Pesticide residues in more than 80% of European agricultural soils

Press release

Pesticide residues present in more than 80% of European agricultural soils

Published on
November 9, 2018

Soil contamination by pesticide residues has become an issue of increasing concern in the last few decades. Researchers from Wageningen University & Research tested 76 pesticide residues in agricultural topsoils from eleven EU countries. Over 80% of the soil samples contained pesticide residues, the research team reports in the scientific magazine Science of the Total Environment. The presence of mixtures of pesticide residues in soils are the rule rather than the exception, the study reveals.

The research team from Wageningen University & Research analyzed 317 European agricultural topsoil samples from different cropping systems including potato fields, wheat, maize, vegetables and vineyards. From the 76 tested compounds (around 20% of EU available pesticides), they found 43 different pesticides residues in soil, some in the original, active form, others as metabolites. 58% of the samples contained multiple pesticide residues, some up to 13 residues, and 25% of the samples contained 1 pesticide residue type. More than 150 different pesticide mixtures were identified in soil.

Glyphosate and its metabolite AMPA, metabolites of DDT – forbidden since decades in Europe -, and the broad-spectrum fungicides boscalid, epoxiconazole and tebuconazole were the compounds most frequently found and at highest concentrations. The maximum total pesticide content in soil was 2.87 milligram per kilogram of soil. “While we found more than one residue in 58% of the soils, one can state that the presence of multiple pesticide residues in the soil environment is apparently the rule rather than the exception”, says Prof. Violette Geissen of the Soil Physics and Land Management group. The toxic effects of of (mixtures of) pesticide residues on the soil organism communities are unknown. “More than half a century of pesticides use without soil monitoring raises questions” says Prof. Geissen. Actual toxicity assessment by the European Authority on Food Safety (EFSA) only includes the effects of single residues on a few number of soil organisms. Integrated effects of the detected pesticide mixtures on soil organisms are unknown, and of particular concern.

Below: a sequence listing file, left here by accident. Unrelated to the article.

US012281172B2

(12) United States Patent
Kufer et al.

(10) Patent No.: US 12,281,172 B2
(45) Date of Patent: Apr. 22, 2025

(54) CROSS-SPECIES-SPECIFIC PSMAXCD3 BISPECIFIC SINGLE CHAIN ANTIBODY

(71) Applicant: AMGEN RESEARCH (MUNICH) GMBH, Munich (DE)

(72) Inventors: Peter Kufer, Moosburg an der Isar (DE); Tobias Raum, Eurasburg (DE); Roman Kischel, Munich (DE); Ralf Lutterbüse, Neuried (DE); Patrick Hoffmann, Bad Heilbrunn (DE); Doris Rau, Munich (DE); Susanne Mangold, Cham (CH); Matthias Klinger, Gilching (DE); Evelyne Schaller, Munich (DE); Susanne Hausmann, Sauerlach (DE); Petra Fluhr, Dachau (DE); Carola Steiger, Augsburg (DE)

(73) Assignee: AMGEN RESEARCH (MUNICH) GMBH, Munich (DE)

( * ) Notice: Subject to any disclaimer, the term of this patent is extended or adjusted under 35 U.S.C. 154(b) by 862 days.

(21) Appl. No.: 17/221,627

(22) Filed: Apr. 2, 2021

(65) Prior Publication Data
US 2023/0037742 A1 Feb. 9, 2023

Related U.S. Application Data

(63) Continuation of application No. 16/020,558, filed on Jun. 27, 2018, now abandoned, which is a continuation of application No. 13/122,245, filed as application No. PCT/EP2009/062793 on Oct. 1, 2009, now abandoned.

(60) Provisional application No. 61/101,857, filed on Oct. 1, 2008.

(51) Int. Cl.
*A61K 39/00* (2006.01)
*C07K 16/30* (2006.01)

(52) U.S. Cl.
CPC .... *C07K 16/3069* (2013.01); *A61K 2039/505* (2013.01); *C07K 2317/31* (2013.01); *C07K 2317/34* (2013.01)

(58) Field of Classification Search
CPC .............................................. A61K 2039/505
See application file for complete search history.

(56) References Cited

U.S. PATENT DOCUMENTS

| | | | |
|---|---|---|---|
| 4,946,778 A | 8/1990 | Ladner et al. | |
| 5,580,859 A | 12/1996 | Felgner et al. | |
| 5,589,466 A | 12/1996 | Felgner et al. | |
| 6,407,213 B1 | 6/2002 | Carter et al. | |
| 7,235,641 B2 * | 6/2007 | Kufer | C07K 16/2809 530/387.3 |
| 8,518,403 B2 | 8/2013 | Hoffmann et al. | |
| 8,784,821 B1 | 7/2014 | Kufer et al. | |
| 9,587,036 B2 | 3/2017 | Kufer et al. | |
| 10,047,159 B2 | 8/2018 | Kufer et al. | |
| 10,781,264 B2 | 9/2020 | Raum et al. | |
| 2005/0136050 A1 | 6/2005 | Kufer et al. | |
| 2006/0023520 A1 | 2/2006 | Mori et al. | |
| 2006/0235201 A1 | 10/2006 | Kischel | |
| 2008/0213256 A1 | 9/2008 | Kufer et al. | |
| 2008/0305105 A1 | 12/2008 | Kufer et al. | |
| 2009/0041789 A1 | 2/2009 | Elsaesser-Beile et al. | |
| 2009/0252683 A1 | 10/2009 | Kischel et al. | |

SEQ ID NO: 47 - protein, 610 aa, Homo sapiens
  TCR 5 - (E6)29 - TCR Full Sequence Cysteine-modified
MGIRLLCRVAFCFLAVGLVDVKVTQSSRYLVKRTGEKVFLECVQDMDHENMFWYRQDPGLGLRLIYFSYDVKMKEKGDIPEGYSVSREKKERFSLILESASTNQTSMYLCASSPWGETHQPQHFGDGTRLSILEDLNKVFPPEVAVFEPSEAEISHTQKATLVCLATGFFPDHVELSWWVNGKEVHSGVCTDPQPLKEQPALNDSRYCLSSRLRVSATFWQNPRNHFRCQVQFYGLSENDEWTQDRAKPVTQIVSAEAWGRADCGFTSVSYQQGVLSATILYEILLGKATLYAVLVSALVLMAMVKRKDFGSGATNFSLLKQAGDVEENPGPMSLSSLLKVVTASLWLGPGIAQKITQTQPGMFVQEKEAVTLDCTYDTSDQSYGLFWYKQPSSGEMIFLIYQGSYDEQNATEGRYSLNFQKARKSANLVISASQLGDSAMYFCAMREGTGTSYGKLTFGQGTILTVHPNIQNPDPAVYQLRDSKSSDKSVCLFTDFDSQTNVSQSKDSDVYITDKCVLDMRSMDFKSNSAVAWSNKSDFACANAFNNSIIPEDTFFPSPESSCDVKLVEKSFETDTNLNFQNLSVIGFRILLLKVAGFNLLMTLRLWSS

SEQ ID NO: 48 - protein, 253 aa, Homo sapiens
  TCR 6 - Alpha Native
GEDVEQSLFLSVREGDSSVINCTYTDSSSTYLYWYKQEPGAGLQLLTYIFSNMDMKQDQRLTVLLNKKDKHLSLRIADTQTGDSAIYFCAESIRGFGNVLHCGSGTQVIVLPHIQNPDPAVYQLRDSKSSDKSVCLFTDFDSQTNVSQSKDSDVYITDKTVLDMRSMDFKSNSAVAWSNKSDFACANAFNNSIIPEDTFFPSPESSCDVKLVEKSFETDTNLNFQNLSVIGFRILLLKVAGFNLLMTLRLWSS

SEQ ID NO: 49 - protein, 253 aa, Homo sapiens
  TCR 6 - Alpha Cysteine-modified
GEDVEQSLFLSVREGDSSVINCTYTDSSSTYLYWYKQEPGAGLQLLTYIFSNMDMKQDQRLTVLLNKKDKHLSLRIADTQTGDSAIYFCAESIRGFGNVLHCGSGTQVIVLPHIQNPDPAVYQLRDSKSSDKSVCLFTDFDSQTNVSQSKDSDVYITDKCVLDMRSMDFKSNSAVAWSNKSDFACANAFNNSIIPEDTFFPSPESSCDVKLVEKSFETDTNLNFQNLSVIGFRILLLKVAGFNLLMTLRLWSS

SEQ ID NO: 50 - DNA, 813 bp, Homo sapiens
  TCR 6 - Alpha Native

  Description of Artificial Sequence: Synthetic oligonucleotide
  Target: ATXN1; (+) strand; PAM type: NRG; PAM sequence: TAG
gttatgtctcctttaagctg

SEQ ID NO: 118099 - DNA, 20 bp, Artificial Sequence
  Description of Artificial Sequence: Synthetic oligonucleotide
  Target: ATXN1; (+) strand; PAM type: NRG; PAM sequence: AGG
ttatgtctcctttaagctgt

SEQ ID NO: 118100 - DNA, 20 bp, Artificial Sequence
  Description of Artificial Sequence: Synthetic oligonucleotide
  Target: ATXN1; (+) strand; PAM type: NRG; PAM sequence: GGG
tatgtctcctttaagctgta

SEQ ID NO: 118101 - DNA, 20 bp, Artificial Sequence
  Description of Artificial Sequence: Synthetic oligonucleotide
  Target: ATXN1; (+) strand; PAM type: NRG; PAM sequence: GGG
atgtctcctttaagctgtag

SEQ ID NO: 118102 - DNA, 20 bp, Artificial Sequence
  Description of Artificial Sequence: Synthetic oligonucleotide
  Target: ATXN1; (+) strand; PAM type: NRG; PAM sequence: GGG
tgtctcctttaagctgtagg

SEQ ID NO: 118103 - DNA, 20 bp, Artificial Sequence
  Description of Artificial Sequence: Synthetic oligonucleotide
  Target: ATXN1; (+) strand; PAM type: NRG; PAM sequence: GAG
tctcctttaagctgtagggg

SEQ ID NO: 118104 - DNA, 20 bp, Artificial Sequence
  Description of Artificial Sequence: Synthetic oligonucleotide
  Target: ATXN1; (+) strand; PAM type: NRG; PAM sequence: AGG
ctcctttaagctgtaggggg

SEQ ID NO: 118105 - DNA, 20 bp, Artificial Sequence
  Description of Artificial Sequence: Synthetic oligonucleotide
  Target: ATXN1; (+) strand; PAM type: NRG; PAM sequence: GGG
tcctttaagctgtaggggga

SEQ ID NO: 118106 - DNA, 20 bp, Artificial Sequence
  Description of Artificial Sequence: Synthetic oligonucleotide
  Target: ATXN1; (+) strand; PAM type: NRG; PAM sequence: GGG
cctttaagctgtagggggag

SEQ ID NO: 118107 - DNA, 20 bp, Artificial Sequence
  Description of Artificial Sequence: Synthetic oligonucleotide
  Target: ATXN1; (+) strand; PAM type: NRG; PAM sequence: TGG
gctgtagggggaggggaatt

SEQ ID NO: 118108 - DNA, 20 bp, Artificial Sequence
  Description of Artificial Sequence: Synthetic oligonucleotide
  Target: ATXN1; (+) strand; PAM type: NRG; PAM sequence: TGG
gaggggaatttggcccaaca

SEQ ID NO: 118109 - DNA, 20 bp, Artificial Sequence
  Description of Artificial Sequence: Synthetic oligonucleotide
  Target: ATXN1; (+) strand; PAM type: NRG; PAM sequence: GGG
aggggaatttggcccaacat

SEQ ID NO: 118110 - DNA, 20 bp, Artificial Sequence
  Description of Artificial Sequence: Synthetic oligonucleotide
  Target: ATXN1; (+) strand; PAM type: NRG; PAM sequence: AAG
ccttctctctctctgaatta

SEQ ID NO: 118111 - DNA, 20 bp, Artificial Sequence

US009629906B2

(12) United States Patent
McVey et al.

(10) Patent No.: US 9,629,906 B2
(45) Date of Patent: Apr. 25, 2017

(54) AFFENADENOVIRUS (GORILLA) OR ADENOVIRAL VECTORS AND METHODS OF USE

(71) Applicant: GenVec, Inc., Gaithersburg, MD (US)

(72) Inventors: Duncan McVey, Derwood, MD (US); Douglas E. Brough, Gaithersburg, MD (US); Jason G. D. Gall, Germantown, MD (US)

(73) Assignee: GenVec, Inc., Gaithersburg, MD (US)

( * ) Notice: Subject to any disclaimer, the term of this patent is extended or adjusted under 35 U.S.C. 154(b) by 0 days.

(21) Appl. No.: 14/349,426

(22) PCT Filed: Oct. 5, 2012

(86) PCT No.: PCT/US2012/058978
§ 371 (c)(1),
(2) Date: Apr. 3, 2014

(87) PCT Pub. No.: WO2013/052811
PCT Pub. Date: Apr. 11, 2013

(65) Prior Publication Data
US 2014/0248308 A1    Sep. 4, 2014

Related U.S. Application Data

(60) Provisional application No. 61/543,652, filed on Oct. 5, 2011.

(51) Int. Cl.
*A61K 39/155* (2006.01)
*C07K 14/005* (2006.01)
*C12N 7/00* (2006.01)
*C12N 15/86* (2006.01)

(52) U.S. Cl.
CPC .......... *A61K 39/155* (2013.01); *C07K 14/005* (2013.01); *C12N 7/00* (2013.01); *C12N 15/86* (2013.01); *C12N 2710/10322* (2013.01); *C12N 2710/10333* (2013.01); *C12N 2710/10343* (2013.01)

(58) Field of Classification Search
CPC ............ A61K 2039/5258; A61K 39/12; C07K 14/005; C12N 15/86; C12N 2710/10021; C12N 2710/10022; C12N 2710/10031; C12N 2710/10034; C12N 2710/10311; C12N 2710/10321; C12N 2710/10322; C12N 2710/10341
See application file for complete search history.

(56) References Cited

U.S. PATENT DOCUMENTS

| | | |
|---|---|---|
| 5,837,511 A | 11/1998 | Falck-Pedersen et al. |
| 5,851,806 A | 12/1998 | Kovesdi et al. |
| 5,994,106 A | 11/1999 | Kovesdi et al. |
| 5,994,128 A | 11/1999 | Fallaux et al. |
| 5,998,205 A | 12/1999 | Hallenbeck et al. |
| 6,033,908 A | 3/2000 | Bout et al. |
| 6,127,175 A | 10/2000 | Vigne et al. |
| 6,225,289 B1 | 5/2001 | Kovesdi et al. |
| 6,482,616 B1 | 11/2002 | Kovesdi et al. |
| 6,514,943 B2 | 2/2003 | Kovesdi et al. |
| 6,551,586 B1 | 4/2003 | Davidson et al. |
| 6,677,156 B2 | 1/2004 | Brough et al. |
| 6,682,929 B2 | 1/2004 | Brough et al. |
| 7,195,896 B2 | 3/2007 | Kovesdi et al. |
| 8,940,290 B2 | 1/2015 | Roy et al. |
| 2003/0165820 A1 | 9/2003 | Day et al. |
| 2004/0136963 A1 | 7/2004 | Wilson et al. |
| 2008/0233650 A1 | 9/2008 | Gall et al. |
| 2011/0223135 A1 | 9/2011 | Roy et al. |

Soil contamination by pesticide residues should be an integral aspect in the characterization of overall soil quality, the research team pleads. So far, there is no EU legislation for thresholds or quality standards available for pesticides in soil, single ones or mixtures, endangering crucial soil organisms. Therefore, urgent efforts are needed to test the integrated effects of individual pesticides and pesticide mixtures on a wide spectrum of essential soil organisms, and thereupon define adequate soil protection policies. In this context, current pesticide approval procedures need revision also to account for the accumulated effects of different pesticides on soil organisms.